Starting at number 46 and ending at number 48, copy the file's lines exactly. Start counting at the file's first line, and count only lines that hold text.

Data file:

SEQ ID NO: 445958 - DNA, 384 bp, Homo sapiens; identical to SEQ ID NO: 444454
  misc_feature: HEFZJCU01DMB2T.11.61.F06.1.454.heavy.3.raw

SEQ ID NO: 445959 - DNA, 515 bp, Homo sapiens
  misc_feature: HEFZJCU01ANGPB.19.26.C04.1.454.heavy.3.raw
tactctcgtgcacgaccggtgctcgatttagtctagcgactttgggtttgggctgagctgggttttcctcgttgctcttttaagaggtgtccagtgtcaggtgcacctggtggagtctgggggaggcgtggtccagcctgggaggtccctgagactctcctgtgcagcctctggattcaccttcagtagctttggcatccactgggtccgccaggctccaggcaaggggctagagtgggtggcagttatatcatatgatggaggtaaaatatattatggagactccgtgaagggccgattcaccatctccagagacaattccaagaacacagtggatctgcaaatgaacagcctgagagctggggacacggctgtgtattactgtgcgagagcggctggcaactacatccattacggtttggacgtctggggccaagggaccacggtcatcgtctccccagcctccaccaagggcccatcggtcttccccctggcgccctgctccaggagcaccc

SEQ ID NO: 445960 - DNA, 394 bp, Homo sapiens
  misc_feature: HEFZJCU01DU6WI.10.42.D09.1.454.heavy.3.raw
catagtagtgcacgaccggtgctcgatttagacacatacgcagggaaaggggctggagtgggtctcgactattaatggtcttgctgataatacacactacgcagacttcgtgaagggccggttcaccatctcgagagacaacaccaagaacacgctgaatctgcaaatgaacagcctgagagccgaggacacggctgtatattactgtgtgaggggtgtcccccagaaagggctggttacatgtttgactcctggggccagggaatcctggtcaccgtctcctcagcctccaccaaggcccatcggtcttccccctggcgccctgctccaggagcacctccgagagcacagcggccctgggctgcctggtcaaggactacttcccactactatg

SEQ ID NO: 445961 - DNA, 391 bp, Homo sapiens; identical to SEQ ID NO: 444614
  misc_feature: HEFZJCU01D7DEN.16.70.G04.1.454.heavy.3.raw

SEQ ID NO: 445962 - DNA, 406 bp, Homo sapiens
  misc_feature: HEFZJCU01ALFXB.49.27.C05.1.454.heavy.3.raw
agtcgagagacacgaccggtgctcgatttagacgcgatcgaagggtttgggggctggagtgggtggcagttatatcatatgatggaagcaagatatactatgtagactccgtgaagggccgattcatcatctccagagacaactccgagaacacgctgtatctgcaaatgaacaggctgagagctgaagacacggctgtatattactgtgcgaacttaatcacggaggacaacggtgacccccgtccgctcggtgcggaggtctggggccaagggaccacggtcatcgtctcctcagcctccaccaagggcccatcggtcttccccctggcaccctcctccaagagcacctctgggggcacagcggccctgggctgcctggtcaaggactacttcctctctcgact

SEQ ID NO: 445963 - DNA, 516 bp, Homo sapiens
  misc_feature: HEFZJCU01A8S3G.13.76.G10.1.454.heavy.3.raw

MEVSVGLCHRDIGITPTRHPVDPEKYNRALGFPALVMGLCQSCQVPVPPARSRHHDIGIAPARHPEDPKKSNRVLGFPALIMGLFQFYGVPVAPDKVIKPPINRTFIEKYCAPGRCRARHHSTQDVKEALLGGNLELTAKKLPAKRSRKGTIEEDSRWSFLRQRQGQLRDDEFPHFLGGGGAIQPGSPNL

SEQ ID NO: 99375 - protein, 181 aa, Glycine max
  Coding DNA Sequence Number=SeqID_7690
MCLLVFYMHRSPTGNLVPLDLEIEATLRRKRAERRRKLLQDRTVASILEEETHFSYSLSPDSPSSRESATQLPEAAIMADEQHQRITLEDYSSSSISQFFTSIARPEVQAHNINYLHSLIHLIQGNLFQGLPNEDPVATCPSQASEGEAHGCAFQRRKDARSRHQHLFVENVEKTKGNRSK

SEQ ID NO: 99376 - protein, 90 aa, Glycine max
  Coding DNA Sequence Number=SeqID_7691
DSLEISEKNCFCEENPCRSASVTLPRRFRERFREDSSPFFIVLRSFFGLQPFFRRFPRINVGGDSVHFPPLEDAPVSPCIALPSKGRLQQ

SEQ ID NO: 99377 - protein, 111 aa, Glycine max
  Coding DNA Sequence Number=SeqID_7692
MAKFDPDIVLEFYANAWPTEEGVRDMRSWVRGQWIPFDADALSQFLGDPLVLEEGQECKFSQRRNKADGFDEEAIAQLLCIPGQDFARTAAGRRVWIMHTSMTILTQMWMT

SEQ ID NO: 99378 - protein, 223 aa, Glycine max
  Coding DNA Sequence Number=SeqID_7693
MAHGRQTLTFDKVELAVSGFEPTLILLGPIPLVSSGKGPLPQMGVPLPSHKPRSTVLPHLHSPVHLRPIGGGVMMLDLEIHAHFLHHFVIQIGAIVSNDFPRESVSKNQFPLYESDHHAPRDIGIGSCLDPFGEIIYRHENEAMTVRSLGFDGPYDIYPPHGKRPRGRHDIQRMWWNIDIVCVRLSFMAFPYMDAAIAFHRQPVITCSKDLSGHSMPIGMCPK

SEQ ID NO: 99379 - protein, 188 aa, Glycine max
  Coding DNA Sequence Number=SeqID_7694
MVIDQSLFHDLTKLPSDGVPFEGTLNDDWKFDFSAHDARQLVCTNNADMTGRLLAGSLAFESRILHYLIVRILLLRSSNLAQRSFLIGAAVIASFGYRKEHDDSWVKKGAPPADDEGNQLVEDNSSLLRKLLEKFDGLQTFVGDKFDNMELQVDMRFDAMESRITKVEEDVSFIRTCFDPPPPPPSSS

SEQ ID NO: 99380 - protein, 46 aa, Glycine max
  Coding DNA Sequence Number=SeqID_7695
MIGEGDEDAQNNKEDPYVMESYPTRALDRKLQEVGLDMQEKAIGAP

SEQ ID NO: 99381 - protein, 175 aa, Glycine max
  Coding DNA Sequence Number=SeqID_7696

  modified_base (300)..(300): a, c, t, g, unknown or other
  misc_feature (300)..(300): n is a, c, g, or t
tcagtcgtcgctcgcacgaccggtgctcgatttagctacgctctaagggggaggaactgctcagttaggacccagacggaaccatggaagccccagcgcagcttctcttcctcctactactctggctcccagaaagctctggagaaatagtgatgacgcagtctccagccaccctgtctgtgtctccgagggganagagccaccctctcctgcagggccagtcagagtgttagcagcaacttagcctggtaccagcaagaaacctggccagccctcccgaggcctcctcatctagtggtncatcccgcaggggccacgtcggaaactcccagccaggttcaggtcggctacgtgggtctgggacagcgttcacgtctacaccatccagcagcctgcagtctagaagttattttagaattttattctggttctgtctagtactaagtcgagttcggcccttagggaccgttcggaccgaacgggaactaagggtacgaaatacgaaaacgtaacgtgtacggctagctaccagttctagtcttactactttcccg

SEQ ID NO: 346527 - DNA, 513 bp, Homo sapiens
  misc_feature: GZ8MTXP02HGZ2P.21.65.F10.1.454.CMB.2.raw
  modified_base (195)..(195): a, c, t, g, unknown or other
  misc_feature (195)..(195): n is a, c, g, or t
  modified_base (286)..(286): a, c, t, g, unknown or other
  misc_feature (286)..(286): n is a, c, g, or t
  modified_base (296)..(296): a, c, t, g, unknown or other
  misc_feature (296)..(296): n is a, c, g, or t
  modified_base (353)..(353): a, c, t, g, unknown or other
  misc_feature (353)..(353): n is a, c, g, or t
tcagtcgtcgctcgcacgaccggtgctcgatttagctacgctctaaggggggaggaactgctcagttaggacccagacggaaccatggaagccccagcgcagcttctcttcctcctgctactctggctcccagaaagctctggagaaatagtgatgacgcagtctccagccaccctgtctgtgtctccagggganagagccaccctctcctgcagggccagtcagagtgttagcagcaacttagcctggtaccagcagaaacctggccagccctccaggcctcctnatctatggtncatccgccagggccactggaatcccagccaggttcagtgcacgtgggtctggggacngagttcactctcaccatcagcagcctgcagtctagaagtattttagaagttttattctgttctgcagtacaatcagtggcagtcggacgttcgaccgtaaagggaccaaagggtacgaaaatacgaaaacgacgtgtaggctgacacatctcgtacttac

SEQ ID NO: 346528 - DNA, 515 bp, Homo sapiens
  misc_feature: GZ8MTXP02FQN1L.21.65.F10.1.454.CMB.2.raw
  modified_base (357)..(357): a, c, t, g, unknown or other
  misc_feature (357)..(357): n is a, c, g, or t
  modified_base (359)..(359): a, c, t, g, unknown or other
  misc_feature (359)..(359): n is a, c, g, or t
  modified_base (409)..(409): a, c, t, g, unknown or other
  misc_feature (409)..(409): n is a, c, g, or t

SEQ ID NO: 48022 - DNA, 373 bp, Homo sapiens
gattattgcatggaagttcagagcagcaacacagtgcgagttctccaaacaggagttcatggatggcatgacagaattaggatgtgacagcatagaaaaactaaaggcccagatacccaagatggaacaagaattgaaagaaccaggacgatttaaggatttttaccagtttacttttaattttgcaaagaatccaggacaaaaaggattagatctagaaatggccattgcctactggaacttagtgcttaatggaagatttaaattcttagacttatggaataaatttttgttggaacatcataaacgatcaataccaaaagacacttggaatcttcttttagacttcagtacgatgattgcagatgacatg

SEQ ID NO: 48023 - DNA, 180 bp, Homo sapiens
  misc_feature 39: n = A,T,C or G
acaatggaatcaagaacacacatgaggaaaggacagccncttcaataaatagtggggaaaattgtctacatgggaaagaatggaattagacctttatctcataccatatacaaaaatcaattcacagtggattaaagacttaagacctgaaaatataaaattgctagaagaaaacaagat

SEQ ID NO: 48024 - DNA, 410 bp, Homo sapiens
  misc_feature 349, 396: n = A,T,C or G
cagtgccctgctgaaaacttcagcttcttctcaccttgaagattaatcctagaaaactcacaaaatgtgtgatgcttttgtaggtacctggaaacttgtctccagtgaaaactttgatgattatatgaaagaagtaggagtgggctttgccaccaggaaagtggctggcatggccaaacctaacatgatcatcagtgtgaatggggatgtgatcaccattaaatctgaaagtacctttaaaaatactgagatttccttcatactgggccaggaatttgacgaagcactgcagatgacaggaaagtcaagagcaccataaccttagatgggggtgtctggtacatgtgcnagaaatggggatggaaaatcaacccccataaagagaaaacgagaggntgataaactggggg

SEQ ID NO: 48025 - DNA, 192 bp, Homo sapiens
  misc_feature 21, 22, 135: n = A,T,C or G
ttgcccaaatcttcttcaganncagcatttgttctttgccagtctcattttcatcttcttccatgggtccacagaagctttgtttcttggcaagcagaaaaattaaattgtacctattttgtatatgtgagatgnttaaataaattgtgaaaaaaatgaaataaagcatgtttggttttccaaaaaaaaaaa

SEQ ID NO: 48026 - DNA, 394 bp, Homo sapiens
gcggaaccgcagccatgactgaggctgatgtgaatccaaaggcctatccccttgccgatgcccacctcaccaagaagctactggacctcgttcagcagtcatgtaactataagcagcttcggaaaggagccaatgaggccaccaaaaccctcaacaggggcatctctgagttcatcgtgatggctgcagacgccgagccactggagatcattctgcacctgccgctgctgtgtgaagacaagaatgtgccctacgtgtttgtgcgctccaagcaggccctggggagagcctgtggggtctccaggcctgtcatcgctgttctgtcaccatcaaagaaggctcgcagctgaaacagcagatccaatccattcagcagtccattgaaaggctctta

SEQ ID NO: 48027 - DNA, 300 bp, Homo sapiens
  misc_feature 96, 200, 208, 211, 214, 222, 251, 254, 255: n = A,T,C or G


  modified_base (296)..(296): a, c, t, g, unknown or other
  misc_feature (296)..(296): n is a, c, g, or t
  modified_base (353)..(353): a, c, t, g, unknown or other